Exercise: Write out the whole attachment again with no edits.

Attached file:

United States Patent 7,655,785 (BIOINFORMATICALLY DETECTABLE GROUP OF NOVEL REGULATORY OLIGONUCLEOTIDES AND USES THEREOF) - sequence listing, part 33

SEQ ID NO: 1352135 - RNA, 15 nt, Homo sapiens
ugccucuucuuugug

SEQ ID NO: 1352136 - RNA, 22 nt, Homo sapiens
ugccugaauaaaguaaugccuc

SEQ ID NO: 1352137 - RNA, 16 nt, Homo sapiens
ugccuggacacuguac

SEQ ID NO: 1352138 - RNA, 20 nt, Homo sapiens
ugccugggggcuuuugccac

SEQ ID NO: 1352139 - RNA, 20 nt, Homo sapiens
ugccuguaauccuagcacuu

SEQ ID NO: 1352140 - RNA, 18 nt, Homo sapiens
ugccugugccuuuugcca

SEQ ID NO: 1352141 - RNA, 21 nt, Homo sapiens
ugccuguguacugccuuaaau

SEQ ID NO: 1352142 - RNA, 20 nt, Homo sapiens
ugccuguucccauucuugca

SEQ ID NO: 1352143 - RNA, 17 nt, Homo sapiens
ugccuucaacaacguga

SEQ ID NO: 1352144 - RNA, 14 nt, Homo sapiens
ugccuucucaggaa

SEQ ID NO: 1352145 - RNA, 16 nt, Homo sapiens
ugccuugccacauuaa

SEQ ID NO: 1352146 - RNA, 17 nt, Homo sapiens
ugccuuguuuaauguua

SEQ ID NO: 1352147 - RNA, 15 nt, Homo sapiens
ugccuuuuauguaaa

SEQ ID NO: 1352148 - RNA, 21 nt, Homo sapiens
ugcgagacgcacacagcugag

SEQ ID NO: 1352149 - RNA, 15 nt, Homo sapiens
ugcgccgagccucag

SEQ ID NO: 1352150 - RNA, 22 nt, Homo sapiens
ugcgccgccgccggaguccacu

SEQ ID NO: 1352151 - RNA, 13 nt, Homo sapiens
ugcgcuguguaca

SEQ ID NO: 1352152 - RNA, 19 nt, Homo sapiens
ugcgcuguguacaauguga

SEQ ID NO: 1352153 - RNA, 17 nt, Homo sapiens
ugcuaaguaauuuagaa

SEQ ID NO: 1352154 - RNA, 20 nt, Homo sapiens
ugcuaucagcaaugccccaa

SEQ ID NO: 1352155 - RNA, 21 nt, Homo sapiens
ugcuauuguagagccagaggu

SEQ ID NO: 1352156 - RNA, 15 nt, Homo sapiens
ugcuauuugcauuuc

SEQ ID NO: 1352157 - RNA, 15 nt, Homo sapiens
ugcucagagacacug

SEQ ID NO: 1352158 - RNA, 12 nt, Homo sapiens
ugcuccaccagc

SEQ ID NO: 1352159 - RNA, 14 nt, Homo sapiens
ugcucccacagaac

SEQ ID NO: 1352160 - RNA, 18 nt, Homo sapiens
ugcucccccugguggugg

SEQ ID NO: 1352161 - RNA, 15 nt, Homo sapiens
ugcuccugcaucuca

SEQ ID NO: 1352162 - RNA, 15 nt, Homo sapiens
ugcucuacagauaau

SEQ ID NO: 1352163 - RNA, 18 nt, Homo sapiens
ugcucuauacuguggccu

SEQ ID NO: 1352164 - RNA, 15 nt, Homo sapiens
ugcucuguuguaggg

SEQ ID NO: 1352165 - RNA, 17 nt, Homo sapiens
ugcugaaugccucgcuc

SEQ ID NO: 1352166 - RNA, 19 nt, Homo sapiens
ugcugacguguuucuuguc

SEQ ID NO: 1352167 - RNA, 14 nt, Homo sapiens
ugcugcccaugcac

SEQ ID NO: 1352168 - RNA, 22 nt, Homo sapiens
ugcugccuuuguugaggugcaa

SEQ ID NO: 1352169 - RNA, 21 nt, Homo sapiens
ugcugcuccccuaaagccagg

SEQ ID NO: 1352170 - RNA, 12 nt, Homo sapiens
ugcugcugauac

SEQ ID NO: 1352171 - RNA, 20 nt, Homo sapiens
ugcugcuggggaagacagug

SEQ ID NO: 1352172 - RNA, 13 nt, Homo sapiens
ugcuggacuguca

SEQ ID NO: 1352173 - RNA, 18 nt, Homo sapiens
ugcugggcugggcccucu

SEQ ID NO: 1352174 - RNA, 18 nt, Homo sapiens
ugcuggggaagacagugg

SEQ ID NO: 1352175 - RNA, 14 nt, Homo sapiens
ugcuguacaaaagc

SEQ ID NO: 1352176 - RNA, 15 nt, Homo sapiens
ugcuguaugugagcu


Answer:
United States Patent 7,655,785 (BIOINFORMATICALLY DETECTABLE GROUP OF NOVEL REGULATORY OLIGONUCLEOTIDES AND USES THEREOF) - sequence listing, part 33

SEQ ID NO: 1352135 - RNA, 15 nt, Homo sapiens
ugccucuucuuugug

SEQ ID NO: 1352136 - RNA, 22 nt, Homo sapiens
ugccugaauaaaguaaugccuc

SEQ ID NO: 1352137 - RNA, 16 nt, Homo sapiens
ugccuggacacuguac

SEQ ID NO: 1352138 - RNA, 20 nt, Homo sapiens
ugccugggggcuuuugccac

SEQ ID NO: 1352139 - RNA, 20 nt, Homo sapiens
ugccuguaauccuagcacuu

SEQ ID NO: 1352140 - RNA, 18 nt, Homo sapiens
ugccugugccuuuugcca

SEQ ID NO: 1352141 - RNA, 21 nt, Homo sapiens
ugccuguguacugccuuaaau

SEQ ID NO: 1352142 - RNA, 20 nt, Homo sapiens
ugccuguucccauucuugca

SEQ ID NO: 1352143 - RNA, 17 nt, Homo sapiens
ugccuucaacaacguga

SEQ ID NO: 1352144 - RNA, 14 nt, Homo sapiens
ugccuucucaggaa

SEQ ID NO: 1352145 - RNA, 16 nt, Homo sapiens
ugccuugccacauuaa

SEQ ID NO: 1352146 - RNA, 17 nt, Homo sapiens
ugccuuguuuaauguua

SEQ ID NO: 1352147 - RNA, 15 nt, Homo sapiens
ugccuuuuauguaaa

SEQ ID NO: 1352148 - RNA, 21 nt, Homo sapiens
ugcgagacgcacacagcugag

SEQ ID NO: 1352149 - RNA, 15 nt, Homo sapiens
ugcgccgagccucag

SEQ ID NO: 1352150 - RNA, 22 nt, Homo sapiens
ugcgccgccgccggaguccacu

SEQ ID NO: 1352151 - RNA, 13 nt, Homo sapiens
ugcgcuguguaca

SEQ ID NO: 1352152 - RNA, 19 nt, Homo sapiens
ugcgcuguguacaauguga

SEQ ID NO: 1352153 - RNA, 17 nt, Homo sapiens
ugcuaaguaauuuagaa

SEQ ID NO: 1352154 - RNA, 20 nt, Homo sapiens
ugcuaucagcaaugccccaa

SEQ ID NO: 1352155 - RNA, 21 nt, Homo sapiens
ugcuauuguagagccagaggu

SEQ ID NO: 1352156 - RNA, 15 nt, Homo sapiens
ugcuauuugcauuuc

SEQ ID NO: 1352157 - RNA, 15 nt, Homo sapiens
ugcucagagacacug

SEQ ID NO: 1352158 - RNA, 12 nt, Homo sapiens
ugcuccaccagc

SEQ ID NO: 1352159 - RNA, 14 nt, Homo sapiens
ugcucccacagaac

SEQ ID NO: 1352160 - RNA, 18 nt, Homo sapiens
ugcucccccugguggugg

SEQ ID NO: 1352161 - RNA, 15 nt, Homo sapiens
ugcuccugcaucuca

SEQ ID NO: 1352162 - RNA, 15 nt, Homo sapiens
ugcucuacagauaau

SEQ ID NO: 1352163 - RNA, 18 nt, Homo sapiens
ugcucuauacuguggccu

SEQ ID NO: 1352164 - RNA, 15 nt, Homo sapiens
ugcucuguuguaggg

SEQ ID NO: 1352165 - RNA, 17 nt, Homo sapiens
ugcugaaugccucgcuc

SEQ ID NO: 1352166 - RNA, 19 nt, Homo sapiens
ugcugacguguuucuuguc

SEQ ID NO: 1352167 - RNA, 14 nt, Homo sapiens
ugcugcccaugcac

SEQ ID NO: 1352168 - RNA, 22 nt, Homo sapiens
ugcugccuuuguugaggugcaa

SEQ ID NO: 1352169 - RNA, 21 nt, Homo sapiens
ugcugcuccccuaaagccagg

SEQ ID NO: 1352170 - RNA, 12 nt, Homo sapiens
ugcugcugauac

SEQ ID NO: 1352171 - RNA, 20 nt, Homo sapiens
ugcugcuggggaagacagug

SEQ ID NO: 1352172 - RNA, 13 nt, Homo sapiens
ugcuggacuguca

SEQ ID NO: 1352173 - RNA, 18 nt, Homo sapiens
ugcugggcugggcccucu

SEQ ID NO: 1352174 - RNA, 18 nt, Homo sapiens
ugcuggggaagacagugg

SEQ ID NO: 1352175 - RNA, 14 nt, Homo sapiens
ugcuguacaaaagc

SEQ ID NO: 1352176 - RNA, 15 nt, Homo sapiens
ugcuguaugugagcu